2. Smaller transactions will not escape scrutiny. The Bureau reiterated its previous guidance that it has increased its monitoring of smaller, non-notifiable transactions that may raise competition law issues, and confirmed that one staff member has been tasked with monitoring media and transaction databases for such deals. Traditionally, the Bureau only reviewed a handful of transactions every year that fell below the threshold for pre-merger notification. (I.e., the target has assets in Canada or revenues from sales in or from Canada of more than $73 million and the parties to the transaction, together with their affiliates, have assets in Canada, or generate revenues from sales in, from or into Canada from those assets of more than $400 million.) In January 2011, the Bureau challenged a non-notifiable transaction and sought a possible remedy of dissolution, meaning that, if successful, the buyers may need to return the funds and the entire deal could be undone. Parties to transactions below the notification threshold should ensure that they consider competition issues early in their transaction planning process in order to provide time to deal with the Bureau if the transaction is likely to give rise to competition issues.
  3. Transparency will be enhanced. Since the 2009 amendments, the Bureau has introduced a number of guidance documents providing its view on how the new provisions of the Act will be applied and what procedures will be followed in enforcing them. Bureau officials indicated they will continue to refine their guidance documents as they gain more experience with the new provisions. This includes expected updates to the Merger Review Process Guidelines and the Remedies Bulletin, and the development of consent agreement templates. The Bureau also intends to increase the frequency of its "position statements," which are explanations of the approach used in particular transactions. Bureau officials indicated they will endeavour to release a position statement for each merger that has been classified as "complex." Finally, officials announced their intention to begin publishing a monthly "mergers register" that will include, for each transaction the Mergers Branch reviews, the names of the parties, the industry involved, and the outcome of the review. In the overwhelming majority of cases, the Bureau will already have had to contact market participants (i.e., customers and suppliers of the parties) as part of its merger review, but in cases where no market contacts have been made, the mergers register could represent the initial public disclosure of a merger review. Parties in these situations may want to develop appropriate communications plans to manage the disclosure process.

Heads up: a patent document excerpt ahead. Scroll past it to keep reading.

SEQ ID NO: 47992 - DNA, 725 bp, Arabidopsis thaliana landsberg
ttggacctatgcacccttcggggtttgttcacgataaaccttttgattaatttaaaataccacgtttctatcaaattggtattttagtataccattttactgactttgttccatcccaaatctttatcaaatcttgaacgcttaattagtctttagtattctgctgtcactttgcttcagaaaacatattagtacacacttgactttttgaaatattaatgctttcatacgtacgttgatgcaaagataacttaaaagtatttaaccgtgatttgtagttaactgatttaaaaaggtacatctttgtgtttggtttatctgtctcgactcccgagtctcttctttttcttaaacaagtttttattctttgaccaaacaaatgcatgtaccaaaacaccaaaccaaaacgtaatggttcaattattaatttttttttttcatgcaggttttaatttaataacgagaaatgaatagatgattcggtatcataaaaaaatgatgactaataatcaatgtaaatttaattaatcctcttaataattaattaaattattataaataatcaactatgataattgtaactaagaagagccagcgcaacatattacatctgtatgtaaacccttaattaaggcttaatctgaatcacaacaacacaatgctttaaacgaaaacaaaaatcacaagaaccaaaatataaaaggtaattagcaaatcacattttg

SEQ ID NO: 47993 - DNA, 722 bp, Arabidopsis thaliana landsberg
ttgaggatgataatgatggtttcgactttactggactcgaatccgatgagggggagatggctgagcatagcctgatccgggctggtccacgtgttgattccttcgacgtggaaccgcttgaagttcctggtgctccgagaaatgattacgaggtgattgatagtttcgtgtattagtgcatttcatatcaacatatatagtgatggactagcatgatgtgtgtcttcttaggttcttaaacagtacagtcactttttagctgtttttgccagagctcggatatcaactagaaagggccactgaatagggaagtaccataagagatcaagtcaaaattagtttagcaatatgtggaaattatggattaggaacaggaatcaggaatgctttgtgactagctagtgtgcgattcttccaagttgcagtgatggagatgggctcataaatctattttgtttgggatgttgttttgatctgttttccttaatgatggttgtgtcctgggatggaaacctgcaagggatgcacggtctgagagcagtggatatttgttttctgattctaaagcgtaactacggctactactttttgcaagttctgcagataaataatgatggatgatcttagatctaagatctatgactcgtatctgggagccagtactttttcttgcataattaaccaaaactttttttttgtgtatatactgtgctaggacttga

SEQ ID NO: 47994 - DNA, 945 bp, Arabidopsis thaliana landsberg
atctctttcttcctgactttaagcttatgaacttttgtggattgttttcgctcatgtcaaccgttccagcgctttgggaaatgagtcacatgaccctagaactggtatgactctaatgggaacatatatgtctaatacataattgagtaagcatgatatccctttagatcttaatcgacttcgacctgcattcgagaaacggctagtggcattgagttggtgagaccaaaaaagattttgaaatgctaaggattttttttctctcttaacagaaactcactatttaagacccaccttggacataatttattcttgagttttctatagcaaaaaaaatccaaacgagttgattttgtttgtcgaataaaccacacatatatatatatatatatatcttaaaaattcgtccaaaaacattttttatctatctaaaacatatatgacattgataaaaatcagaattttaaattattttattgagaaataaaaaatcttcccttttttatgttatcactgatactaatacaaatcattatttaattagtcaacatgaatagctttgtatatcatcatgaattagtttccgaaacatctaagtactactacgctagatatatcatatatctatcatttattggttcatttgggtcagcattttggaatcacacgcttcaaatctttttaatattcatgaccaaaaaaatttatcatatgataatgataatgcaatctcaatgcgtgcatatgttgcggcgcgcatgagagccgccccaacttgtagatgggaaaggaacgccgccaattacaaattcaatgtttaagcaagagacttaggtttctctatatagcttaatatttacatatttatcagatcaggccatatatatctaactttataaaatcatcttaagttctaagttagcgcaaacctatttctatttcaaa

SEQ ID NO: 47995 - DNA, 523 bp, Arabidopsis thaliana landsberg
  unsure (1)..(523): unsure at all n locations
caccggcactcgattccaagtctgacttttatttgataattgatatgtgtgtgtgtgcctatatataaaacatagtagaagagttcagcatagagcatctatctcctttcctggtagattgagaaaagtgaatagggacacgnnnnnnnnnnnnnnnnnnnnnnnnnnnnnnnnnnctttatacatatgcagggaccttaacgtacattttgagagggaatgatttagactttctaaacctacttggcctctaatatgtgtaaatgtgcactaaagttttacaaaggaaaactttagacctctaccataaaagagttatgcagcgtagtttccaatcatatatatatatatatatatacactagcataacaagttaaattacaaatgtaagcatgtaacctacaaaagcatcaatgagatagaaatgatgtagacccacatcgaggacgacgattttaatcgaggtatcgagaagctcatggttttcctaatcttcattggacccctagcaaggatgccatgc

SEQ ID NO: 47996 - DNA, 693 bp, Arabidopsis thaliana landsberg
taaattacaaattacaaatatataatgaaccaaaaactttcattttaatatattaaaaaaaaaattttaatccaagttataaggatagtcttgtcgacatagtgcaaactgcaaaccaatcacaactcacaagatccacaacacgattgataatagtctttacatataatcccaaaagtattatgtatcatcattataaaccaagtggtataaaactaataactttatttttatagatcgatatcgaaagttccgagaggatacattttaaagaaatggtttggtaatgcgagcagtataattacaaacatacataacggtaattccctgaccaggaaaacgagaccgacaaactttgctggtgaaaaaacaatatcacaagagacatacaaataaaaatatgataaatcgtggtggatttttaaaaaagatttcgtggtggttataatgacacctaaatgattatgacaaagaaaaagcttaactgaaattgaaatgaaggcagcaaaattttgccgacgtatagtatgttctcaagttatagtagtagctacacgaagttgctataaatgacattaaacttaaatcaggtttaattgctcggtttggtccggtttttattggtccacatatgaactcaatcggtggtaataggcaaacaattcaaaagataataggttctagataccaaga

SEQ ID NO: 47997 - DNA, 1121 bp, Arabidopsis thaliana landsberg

Misleading advertising/deceptive marketing practices

  1. Misleading advertising will not be tolerated. The Bureau has increased its enforcement of the misleading advertising and deceptive marketing practices provisions of the Act, and intends to continue to do so. Misleading representation cases were brought against Rogers Chatr, Bell Canada, and Beiersdorf, with the Commissioner seeking significant remedies in each case, including maximum administrative monetary penalties. The Bureau now considers that enforcement in this area is as much a priority as are actions against cartels, abuse of dominance or anti-competitive mergers.

Reviewable practices

  1. Pending cases will clarify important new provisions. The price maintenance provisions of the Act were changed in 2009, removing the criminal sanctions and requiring that the conduct has had, is having or is likely to have an "adverse effect on competition" in a market. The Commissioner has challenged the practices of Visa and MasterCard, arguing they influence upward or discourage the reduction of card acceptance fees paid by merchants. As well, the Commissioner has challenged the proposed joint venture between Air Canada and United Continental on transborder routes under the merger provisions of the Act, as well as certain historical alliance agreements between Air Canada and each of United and Continental. These alliance agreements are being challenged under the new s. 90.1 of the Act, which allows the Commissioner to seek to block or alter the terms of an alleged anti-competitive agreement between competitors. This is the first challenge under this provision, which was added in 2009 and took effect on March 12, 2010, when the changes to Canada's capital provisions took effect. These cases should provide very important judicial guidance on these new provisions.